New '30 Day' Capital Gains Tax Rule

News at Trigg & Co | 18/09/2020


There has been much speculation in the press about potential new tax rises to pay for the Covid 19 crisis.  One of the 'favourites' has been a potential increase in the rates of Capital Gains Tax (CGT) paid by investors on profits from the sales of second homes and buy to lets.

CGT is currently charged at lower rates than income tax, and is typically 28% of the 'profit' made on the sale of an investment property.  Remember, that your main personal home, or 'Primary Residence' is free from tax and CGT doesn't apply.  That seems very unlikely to change.

What isn't so well reported is that there have already been changes to how CGT is collected with a new 30-day Capital Gains Tax (CGT) rule recently coming into force.  Since 1 August HMRC has been clamping down on any property owner who hasn’t reported and paid CGT within 30 days of selling a property in the UK in the current tax year (after 6 April 2020).

HMRC has developed a new system for reporting and paying Capital Gains Tax on UK residential property, which means any UK resident disposing of an asset (not just property) that makes a gain which is liable to CGT will have just 30 calendar days from the date of completion (not exchange) to tell HMRC and pay any tax owed. They need to do this using a new online service, the ‘real-time’ Capital Gains Tax service.  You cannot wait until your normal self-assessment return.  Interest and potential penalities run from the date the tax was due to be reported and paid so it can be an expensive mistake to miss the deadline.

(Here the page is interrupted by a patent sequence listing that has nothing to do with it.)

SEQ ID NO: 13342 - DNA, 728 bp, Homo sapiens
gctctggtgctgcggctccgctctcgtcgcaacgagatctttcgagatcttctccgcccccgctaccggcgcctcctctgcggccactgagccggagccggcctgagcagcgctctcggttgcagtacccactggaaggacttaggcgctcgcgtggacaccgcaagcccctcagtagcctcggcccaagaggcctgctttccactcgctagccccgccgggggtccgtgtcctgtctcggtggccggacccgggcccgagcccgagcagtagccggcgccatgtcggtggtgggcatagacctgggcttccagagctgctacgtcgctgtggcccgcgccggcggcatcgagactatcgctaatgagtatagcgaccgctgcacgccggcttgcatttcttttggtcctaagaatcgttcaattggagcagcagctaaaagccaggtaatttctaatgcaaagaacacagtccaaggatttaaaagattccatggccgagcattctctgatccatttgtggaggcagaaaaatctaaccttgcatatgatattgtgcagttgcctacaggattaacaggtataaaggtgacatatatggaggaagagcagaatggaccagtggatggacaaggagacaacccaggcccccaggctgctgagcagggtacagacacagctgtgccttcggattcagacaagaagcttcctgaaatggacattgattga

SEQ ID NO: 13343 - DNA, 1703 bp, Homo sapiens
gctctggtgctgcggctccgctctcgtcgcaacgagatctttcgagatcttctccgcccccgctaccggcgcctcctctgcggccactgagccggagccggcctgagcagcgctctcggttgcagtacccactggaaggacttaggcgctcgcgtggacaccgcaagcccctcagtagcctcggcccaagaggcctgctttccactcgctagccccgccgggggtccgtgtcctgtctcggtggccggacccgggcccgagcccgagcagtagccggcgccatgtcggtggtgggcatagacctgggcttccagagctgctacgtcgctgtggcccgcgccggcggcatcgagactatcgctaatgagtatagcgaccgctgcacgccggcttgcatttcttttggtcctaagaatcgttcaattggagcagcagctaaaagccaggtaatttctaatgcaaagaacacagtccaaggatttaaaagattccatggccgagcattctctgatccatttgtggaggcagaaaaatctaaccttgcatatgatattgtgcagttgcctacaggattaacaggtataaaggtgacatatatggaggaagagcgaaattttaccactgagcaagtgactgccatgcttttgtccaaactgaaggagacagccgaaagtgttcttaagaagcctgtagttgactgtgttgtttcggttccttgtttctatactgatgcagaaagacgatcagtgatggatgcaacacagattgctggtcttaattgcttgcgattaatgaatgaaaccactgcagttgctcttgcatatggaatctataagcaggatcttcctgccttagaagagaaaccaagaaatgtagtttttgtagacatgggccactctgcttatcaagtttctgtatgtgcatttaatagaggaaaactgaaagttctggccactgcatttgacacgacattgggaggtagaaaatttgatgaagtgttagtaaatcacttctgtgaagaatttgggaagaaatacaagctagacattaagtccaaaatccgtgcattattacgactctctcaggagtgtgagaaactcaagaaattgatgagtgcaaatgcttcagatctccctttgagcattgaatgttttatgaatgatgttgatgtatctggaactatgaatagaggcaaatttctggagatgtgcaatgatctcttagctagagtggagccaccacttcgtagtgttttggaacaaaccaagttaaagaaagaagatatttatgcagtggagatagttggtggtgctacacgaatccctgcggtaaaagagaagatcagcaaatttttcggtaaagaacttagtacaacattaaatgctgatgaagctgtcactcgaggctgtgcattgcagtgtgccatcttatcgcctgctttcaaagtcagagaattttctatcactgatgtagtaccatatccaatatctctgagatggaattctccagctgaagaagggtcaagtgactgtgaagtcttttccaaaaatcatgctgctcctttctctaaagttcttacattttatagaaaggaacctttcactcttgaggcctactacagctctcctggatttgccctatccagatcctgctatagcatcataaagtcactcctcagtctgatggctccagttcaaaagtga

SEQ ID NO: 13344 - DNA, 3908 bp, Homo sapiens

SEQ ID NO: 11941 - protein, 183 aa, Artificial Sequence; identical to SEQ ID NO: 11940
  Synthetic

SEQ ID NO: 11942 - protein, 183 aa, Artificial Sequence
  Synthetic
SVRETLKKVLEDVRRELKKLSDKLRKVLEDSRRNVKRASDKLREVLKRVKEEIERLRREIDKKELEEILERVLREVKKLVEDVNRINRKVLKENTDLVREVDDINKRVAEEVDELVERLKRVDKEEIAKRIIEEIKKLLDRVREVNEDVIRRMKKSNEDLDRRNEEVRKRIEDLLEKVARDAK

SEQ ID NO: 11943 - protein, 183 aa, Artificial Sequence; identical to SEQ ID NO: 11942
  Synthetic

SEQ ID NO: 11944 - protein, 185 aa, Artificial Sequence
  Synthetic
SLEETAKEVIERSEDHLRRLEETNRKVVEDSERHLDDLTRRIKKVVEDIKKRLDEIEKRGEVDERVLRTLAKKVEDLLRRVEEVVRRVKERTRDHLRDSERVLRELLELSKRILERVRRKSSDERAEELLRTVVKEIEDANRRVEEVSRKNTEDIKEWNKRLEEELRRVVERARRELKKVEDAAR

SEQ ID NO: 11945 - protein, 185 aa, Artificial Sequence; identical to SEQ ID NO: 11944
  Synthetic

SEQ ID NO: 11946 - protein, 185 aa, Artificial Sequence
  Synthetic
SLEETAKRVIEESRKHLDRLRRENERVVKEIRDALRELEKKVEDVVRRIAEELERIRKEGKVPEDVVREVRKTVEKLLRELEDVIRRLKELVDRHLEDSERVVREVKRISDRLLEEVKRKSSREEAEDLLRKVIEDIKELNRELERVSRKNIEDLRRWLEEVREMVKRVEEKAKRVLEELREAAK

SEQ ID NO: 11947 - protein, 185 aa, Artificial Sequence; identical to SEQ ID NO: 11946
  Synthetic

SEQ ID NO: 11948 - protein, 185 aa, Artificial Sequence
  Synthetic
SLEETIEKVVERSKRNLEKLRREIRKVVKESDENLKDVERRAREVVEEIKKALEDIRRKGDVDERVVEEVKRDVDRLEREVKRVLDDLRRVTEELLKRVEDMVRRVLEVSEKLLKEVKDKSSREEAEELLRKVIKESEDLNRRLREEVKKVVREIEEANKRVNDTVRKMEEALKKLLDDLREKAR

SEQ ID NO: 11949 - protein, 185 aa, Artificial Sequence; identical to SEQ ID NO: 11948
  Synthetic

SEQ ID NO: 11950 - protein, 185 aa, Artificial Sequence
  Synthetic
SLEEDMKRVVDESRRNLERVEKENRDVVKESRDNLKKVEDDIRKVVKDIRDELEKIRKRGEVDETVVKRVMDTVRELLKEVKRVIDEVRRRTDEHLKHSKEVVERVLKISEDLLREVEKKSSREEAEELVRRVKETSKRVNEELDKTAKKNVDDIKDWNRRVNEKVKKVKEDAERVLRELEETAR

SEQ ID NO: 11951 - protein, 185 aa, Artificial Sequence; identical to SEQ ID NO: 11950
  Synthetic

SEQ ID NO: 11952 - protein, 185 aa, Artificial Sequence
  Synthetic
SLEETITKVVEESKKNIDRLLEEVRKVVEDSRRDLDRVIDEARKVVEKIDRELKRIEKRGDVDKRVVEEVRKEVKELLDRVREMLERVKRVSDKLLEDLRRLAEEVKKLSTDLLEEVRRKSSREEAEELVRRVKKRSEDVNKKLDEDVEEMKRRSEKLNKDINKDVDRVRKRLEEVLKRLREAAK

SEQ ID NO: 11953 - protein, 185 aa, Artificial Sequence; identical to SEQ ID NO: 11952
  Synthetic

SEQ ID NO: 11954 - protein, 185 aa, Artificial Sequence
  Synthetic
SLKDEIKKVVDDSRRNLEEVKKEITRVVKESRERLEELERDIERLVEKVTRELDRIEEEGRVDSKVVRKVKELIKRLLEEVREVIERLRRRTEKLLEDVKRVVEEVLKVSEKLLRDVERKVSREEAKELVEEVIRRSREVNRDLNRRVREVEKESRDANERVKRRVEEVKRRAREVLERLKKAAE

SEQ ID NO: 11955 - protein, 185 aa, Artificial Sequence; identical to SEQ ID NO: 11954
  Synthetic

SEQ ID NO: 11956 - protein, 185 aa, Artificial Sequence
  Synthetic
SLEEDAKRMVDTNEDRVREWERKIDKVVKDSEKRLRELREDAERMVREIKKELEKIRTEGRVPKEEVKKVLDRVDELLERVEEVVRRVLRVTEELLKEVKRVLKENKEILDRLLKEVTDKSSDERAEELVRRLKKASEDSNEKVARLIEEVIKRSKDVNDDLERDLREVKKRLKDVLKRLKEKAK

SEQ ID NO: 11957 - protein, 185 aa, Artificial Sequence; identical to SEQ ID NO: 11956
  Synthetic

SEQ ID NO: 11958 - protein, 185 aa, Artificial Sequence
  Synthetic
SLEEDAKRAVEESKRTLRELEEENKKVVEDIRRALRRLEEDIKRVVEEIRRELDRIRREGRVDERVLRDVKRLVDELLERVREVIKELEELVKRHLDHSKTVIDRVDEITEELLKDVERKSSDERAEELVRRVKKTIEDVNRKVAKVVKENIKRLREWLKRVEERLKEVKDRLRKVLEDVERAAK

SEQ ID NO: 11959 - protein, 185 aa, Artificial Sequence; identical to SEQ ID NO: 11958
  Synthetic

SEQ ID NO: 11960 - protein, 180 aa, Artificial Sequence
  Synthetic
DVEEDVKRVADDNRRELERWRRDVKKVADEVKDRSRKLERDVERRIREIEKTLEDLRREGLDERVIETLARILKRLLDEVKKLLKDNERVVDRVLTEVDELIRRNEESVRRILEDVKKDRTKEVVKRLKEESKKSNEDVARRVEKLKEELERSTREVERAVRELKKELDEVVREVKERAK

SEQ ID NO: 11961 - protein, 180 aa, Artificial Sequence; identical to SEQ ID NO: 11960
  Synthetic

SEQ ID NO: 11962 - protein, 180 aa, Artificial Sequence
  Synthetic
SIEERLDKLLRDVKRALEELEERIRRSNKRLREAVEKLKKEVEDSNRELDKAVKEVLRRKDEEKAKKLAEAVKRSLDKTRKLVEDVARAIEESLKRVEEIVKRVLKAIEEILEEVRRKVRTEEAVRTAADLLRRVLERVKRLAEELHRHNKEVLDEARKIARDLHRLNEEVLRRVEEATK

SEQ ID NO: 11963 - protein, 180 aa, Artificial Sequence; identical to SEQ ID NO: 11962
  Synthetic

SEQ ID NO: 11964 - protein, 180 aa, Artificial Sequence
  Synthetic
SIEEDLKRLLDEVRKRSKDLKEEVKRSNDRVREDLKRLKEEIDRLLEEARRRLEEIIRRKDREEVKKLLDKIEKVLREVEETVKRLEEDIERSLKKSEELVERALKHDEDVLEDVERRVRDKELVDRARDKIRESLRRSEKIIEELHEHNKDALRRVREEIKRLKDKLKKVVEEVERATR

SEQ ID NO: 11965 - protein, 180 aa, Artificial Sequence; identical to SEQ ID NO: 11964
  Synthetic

Another point to bear in mind is that it is important to include capital gains on your normal self assessment return filed at a later date, even if you’ve already reported and paid the tax due on them.

So, if you are selling an investment property it's important to be well prepared.  You need to make sure you are offsetting all allowable costs and expenses against your capital gain which are different to those which apply to the income from residential lettings.  Different rules apply if you hold the property within a limited company where corporation tax rules apply.

Remember the good news, that property held jointly by individuals or by husband and wife investors, qualifies for two slugs of capital gains allowance which substantially reduces the potential tax bill.

If you are a landlord or investor, feel free to ask us for advice about your options and for an up-to-date valuation of your property assets.

We work with one of the largest firms of accountants on the Island to help our clients manage their affairs in a tax efficient way and it's never been more important to have the right professional advice at the right time.  Timing of sales can be just as important as getting the very best price.

Please give us a call on 01983 525710 or drop us an email.  We will be happy to help you evaluate your options.